Since 2010, the Asian Forum for Human Rights and Development (FORUM-ASIA) has been using an integrated database to monitor and document human rights violations and abuses against human rights defenders in Asia, as well as repressive legislations and policies enacted by Asian governments. The data recorded over the last four years portray a situation of human rights defenders and civil society organizations increasingly under attack.
In its latest report, FORUM-ASIA identified judicial harassment and criminalisation of human rights defenders as a primary strategy used to target human rights defenders and their organisations. Some Asian countries have proven to be especially skilful in putting defenders behind bars through kangaroo courts and trumped-up charges. Cambodia in particular uses these tactics frequently; Tep Vanny, for example, one of the country’s most vocal land rights activists, has been detained since 15 August 2016 on fabricated charges in an attempt to intimidate other activists.
The progressive increase of enforced disappearances and killings of human rights defenders is another extremely worrying development. Indeed, specific categories of human rights defenders are particularly vulnerable. In 2015-2016, FORUM-ASIA recorded 198 cases of attacks and harassment against environmental and land rights defenders, community-based human rights defenders, economic, social, cultural rights (ESCR) defenders, indigenous peoples rights defenders, and defenders working on corporate accountability. As reported by Global Witness, every week in 2016 four people were murdered protecting their land and natural resources from industries like mining, logging and agribusiness.
The foundation for effective protection mechanisms depends on strong support systems at the national, regional and international level, and creating protection networks for human rights defenders is an important place to start. The networks could be a first line of defence but also provide opportunities of networking through a platform where defenders can learn from each other to increase their level of protection. Several such networks are already well established in Latin America and Africa, so FORUM-ASIA has invited them to share knowledge in order to develop similar resources in Asia. FORUM-ASIA is currently trying to enhance such networks in Myanmar, the Philippines, Pakistan and Mongolia, recognizing that such work can be complicated or hindered depending on the situation in each country. As a coordination network, the goal is not to duplicate what its members are doing; rather, it seeks to maximize the available resources for immediate disposal to the victim/defender at risk. Furthermore, these networks can foster the sense of solidarity among human rights defenders and national groups, connecting the most vulnerable with existing, stronger coalitions at regional or international level.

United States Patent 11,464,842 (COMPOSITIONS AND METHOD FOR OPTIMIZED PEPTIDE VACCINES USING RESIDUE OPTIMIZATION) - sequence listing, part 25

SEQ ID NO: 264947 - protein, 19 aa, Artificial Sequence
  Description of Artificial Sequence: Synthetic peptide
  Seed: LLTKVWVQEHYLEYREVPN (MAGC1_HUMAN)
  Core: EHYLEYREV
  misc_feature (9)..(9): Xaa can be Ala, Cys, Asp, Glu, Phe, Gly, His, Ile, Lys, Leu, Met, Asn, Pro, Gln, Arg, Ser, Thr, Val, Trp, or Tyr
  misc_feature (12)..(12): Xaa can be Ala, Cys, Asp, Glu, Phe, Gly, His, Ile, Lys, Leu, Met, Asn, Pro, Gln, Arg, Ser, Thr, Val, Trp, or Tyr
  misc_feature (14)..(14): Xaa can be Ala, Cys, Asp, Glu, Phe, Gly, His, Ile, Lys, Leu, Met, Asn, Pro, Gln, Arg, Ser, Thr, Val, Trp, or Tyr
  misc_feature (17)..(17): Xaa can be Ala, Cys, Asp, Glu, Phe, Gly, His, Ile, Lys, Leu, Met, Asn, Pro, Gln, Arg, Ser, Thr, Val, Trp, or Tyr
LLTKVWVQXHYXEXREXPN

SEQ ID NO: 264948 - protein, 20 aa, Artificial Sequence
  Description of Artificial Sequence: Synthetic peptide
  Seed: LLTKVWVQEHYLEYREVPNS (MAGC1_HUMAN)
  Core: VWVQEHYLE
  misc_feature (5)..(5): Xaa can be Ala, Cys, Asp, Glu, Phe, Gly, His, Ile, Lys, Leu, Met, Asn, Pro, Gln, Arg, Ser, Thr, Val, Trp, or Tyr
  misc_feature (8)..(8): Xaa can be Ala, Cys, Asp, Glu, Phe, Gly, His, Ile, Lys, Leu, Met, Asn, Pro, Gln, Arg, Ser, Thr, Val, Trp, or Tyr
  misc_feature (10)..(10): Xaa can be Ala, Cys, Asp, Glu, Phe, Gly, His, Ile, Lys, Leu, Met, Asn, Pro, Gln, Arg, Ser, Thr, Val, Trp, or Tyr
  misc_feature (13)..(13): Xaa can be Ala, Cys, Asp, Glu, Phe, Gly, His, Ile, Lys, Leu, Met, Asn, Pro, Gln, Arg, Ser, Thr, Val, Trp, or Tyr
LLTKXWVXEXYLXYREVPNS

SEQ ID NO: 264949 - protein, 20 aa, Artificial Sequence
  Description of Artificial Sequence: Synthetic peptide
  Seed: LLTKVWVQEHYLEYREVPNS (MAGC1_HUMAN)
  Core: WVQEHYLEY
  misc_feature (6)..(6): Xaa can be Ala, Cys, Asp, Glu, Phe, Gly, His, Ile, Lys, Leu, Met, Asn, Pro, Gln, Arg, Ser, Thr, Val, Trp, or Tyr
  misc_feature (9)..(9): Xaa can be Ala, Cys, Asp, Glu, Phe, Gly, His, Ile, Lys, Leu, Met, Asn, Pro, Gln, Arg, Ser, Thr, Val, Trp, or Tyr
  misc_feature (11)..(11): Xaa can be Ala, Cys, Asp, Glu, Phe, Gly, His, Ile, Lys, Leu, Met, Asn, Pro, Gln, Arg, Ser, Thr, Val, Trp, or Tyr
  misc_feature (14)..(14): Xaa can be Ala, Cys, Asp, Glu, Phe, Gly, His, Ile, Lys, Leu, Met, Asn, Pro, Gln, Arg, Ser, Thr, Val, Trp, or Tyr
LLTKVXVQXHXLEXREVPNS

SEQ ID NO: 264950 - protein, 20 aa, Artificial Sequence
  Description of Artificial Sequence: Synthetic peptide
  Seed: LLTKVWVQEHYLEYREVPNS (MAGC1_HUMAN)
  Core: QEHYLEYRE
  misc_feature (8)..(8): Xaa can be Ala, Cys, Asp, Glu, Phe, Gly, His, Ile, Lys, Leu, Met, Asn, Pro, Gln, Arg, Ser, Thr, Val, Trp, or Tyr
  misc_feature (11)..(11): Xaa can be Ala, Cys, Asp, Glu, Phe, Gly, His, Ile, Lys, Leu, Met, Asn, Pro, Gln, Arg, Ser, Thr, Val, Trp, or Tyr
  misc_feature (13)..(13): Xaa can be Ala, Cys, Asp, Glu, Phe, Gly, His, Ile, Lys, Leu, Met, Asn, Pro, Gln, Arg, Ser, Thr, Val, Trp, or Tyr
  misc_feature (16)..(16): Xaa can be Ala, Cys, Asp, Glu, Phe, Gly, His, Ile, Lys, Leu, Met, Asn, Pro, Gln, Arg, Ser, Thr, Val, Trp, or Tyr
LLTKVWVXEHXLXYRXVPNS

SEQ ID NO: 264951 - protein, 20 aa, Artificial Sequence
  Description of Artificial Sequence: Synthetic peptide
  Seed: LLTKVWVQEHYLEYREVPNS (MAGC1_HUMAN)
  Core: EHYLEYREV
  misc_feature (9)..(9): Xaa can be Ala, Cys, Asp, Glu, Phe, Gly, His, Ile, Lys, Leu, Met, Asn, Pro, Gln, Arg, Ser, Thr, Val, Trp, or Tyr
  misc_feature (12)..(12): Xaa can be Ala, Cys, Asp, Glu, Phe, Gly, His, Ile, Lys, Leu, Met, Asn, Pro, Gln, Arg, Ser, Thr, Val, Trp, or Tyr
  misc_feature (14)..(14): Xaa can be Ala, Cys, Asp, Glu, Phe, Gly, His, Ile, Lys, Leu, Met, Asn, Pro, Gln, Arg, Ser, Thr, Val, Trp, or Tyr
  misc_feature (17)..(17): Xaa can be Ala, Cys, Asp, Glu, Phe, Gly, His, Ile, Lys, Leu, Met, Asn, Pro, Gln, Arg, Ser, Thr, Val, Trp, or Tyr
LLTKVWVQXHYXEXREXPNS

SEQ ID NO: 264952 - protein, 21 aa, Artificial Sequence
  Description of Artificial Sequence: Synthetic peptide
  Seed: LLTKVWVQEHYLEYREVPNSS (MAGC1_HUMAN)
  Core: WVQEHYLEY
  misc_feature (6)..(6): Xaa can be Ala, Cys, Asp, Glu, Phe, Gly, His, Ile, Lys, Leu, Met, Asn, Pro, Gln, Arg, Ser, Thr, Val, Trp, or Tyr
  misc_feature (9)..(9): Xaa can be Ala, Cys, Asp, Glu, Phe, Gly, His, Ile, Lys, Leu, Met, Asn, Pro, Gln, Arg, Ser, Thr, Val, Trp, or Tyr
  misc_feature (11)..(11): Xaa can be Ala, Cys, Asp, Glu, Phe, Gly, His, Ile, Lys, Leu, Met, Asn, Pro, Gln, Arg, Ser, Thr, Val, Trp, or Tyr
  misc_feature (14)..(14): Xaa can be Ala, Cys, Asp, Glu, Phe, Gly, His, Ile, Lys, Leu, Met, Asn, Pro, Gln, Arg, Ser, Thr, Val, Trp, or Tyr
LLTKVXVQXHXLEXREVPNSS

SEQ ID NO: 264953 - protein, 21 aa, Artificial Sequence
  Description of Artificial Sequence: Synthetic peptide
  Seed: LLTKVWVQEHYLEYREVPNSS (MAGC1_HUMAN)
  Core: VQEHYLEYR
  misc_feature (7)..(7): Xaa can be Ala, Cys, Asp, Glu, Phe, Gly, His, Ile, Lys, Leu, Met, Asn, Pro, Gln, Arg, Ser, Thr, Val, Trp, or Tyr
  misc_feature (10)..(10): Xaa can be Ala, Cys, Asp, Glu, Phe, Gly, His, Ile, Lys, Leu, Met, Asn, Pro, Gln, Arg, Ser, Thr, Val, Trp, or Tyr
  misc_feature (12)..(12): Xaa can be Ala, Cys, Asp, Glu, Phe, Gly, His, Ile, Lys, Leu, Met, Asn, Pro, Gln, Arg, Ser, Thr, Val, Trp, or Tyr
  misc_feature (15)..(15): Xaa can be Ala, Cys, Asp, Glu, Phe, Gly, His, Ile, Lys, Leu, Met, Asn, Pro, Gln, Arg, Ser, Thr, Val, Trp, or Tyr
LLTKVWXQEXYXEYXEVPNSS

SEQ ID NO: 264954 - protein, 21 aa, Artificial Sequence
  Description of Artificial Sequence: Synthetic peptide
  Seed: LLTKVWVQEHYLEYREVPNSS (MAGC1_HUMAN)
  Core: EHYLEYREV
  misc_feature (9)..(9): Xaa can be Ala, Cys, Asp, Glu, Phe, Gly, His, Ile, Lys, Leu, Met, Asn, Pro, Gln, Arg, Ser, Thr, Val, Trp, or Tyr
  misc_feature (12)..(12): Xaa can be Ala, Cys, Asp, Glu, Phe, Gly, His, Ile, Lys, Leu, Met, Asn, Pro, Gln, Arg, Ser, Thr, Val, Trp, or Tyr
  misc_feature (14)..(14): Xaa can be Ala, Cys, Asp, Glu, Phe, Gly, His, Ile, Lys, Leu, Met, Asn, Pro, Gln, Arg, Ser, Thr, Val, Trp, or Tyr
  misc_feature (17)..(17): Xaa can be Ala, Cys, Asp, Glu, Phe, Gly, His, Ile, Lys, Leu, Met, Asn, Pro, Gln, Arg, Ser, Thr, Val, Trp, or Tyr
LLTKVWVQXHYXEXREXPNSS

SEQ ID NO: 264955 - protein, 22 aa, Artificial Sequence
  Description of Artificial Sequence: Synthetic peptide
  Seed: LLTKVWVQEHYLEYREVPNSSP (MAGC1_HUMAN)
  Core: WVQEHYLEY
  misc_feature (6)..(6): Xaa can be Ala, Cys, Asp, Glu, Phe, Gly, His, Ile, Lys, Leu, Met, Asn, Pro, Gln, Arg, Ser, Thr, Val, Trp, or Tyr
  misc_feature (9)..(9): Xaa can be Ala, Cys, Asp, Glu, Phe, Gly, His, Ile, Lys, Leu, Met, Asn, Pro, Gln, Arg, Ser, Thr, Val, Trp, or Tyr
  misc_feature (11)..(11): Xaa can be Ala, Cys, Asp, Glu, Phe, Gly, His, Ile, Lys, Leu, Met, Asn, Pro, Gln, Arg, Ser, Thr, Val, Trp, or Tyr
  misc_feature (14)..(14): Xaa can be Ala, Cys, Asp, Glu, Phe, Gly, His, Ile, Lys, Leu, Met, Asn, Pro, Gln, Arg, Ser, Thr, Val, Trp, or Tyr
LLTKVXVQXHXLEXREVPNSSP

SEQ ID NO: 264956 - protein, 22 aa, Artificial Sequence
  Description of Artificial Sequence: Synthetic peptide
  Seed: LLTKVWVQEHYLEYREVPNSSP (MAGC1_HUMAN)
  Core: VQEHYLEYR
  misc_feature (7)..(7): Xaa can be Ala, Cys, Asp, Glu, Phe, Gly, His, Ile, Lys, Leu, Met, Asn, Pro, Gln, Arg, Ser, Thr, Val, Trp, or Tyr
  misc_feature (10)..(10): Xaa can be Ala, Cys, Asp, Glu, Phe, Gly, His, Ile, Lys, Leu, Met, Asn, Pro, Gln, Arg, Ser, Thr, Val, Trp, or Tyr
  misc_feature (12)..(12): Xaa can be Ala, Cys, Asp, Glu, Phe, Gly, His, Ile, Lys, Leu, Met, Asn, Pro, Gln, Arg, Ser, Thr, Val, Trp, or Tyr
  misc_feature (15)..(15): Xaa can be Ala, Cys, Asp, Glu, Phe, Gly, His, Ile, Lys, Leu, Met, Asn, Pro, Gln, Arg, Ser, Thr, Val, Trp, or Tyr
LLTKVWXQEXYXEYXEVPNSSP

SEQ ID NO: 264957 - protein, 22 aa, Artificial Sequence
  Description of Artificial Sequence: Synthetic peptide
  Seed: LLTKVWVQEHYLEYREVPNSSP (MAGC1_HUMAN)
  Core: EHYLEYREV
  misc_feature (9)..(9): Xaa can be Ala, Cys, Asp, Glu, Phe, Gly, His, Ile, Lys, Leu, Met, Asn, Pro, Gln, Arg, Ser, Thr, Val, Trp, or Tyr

Yameen Rasheed, a notable Maldivian blogger and activist, was stabbed to death as a result of a vocal political opinion. His memorial marked the passing of yet another defenseless human rights activist whose voice was silenced.